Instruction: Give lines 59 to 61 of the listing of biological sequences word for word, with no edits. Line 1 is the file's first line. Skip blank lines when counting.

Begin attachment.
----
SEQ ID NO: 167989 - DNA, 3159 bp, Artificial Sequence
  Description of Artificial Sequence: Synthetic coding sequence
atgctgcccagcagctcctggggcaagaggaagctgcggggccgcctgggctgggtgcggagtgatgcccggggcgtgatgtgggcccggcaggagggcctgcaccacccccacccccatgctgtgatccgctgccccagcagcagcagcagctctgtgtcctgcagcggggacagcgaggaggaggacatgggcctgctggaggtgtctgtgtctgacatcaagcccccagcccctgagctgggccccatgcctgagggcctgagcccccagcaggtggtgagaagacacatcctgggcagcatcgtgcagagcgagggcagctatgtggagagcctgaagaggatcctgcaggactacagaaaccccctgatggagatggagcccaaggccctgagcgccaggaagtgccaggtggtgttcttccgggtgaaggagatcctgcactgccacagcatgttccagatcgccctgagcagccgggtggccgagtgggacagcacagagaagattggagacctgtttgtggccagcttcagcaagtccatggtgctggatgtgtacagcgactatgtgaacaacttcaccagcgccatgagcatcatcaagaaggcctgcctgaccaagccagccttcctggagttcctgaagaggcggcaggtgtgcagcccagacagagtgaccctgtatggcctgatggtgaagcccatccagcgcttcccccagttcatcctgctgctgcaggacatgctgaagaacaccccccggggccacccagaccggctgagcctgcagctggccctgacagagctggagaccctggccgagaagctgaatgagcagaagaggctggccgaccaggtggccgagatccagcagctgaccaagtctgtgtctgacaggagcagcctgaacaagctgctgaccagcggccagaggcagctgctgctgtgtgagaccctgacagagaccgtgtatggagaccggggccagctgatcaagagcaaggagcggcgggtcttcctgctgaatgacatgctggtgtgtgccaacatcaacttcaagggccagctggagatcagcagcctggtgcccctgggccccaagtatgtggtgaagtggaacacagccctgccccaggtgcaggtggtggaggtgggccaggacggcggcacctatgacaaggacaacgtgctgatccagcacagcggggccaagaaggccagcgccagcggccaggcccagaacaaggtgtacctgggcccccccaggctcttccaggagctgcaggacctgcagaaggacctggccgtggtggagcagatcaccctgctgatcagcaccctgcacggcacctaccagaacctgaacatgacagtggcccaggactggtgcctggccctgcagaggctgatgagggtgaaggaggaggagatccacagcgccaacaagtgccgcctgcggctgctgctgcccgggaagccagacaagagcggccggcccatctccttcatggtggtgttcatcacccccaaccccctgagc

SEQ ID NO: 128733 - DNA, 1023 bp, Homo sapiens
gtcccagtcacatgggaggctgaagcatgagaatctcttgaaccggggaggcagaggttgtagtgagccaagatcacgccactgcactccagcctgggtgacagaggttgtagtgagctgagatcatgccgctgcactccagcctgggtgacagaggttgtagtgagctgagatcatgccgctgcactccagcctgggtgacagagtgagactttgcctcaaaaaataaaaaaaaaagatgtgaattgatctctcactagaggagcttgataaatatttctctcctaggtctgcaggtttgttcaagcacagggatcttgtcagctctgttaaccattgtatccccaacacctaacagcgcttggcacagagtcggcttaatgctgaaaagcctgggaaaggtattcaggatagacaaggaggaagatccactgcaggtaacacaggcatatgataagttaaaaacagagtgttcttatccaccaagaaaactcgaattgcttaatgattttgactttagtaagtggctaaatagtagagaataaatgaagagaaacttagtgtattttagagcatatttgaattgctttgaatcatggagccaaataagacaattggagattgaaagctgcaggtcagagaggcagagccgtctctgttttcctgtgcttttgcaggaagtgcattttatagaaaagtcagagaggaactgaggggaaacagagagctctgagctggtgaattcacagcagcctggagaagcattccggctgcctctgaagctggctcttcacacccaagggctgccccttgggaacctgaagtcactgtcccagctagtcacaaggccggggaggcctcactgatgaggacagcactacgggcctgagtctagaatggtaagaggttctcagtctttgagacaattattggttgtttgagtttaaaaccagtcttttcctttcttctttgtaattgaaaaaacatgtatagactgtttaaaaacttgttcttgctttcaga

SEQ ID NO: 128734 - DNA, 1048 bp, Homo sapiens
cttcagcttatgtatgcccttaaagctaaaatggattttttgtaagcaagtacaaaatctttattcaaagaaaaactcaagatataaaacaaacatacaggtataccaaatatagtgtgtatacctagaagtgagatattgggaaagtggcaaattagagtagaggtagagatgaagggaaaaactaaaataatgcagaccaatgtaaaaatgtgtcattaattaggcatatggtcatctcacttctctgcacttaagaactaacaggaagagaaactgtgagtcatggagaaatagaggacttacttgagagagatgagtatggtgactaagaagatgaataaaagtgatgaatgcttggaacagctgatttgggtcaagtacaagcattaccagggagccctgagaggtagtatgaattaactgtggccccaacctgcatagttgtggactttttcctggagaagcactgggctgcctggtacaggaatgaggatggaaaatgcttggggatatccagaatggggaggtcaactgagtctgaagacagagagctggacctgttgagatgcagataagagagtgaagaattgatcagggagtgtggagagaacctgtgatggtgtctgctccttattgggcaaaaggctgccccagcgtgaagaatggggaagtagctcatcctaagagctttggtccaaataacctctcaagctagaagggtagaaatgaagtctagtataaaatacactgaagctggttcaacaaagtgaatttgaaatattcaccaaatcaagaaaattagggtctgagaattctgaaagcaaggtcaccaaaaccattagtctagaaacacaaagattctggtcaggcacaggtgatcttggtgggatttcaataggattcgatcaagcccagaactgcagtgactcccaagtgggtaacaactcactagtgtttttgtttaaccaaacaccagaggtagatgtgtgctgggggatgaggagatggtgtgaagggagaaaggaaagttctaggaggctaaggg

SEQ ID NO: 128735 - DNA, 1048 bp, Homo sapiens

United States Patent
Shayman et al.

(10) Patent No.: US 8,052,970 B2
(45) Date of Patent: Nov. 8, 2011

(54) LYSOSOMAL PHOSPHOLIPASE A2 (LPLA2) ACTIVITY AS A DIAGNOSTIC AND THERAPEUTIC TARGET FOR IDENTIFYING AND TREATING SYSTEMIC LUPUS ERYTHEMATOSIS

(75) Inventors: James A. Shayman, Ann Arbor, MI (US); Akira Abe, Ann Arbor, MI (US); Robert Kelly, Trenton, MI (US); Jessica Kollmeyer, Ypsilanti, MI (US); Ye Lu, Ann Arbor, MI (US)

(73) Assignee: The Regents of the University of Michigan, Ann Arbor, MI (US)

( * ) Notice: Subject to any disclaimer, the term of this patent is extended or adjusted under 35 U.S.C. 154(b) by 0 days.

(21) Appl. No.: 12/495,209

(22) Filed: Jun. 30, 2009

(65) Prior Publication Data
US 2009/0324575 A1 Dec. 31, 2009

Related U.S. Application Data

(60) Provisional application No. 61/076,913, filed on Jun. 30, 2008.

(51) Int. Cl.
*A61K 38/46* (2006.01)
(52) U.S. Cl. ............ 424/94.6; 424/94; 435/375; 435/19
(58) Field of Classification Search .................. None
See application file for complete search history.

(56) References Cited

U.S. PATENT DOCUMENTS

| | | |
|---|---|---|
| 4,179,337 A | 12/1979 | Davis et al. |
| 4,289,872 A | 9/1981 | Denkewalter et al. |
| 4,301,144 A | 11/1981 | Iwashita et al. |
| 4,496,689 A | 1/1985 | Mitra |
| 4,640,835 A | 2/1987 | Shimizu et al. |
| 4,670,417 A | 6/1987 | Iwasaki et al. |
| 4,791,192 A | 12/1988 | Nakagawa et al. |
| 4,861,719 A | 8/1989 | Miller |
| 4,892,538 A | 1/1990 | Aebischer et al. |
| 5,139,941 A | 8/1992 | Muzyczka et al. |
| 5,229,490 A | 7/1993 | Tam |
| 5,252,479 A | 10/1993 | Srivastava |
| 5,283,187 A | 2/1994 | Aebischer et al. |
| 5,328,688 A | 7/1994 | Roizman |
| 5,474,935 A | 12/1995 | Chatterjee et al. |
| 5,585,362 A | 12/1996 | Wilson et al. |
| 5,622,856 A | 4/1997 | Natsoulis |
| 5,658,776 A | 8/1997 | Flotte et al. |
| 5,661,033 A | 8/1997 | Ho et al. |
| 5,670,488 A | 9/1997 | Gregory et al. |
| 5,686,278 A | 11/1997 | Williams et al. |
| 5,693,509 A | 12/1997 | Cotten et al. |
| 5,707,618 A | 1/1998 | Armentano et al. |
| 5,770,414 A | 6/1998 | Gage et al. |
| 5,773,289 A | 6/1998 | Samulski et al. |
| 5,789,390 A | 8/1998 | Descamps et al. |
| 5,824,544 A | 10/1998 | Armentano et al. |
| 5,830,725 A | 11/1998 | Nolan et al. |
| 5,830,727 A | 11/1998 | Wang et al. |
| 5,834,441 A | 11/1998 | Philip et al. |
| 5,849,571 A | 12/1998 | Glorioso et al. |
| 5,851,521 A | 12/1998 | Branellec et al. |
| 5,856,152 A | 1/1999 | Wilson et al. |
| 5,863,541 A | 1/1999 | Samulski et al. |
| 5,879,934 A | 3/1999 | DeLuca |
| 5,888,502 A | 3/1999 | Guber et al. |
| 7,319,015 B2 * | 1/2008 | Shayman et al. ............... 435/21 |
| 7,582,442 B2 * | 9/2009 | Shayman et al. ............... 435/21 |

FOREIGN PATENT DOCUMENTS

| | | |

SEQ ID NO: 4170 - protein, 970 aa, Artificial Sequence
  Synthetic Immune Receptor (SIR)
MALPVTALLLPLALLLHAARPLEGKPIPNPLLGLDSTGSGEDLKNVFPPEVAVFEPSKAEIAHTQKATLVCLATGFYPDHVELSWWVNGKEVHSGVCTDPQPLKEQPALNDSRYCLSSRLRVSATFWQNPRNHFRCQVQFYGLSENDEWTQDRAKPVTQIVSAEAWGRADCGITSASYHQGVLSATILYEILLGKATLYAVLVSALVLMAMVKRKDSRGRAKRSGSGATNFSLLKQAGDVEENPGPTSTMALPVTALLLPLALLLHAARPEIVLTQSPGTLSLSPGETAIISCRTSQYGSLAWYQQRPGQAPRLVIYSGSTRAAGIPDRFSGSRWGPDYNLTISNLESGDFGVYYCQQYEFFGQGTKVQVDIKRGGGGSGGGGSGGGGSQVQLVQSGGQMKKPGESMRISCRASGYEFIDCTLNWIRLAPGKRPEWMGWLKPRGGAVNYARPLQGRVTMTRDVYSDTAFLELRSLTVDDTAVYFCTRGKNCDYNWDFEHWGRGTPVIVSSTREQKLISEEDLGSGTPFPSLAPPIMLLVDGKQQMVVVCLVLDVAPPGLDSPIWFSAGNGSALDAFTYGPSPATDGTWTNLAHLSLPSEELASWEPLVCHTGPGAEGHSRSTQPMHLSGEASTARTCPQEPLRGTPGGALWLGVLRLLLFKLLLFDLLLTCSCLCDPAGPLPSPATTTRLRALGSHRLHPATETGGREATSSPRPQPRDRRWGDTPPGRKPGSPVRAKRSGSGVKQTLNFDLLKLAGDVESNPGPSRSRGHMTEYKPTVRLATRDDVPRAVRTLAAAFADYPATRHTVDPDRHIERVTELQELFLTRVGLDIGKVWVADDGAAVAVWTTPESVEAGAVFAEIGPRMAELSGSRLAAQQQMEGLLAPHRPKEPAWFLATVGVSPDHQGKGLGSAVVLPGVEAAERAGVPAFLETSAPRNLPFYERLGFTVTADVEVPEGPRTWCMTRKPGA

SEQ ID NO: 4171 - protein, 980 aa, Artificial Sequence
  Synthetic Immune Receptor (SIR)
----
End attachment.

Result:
| 5,830,725 A | 11/1998 | Nolan et al. |
| 5,830,727 A | 11/1998 | Wang et al. |
| 5,834,441 A | 11/1998 | Philip et al. |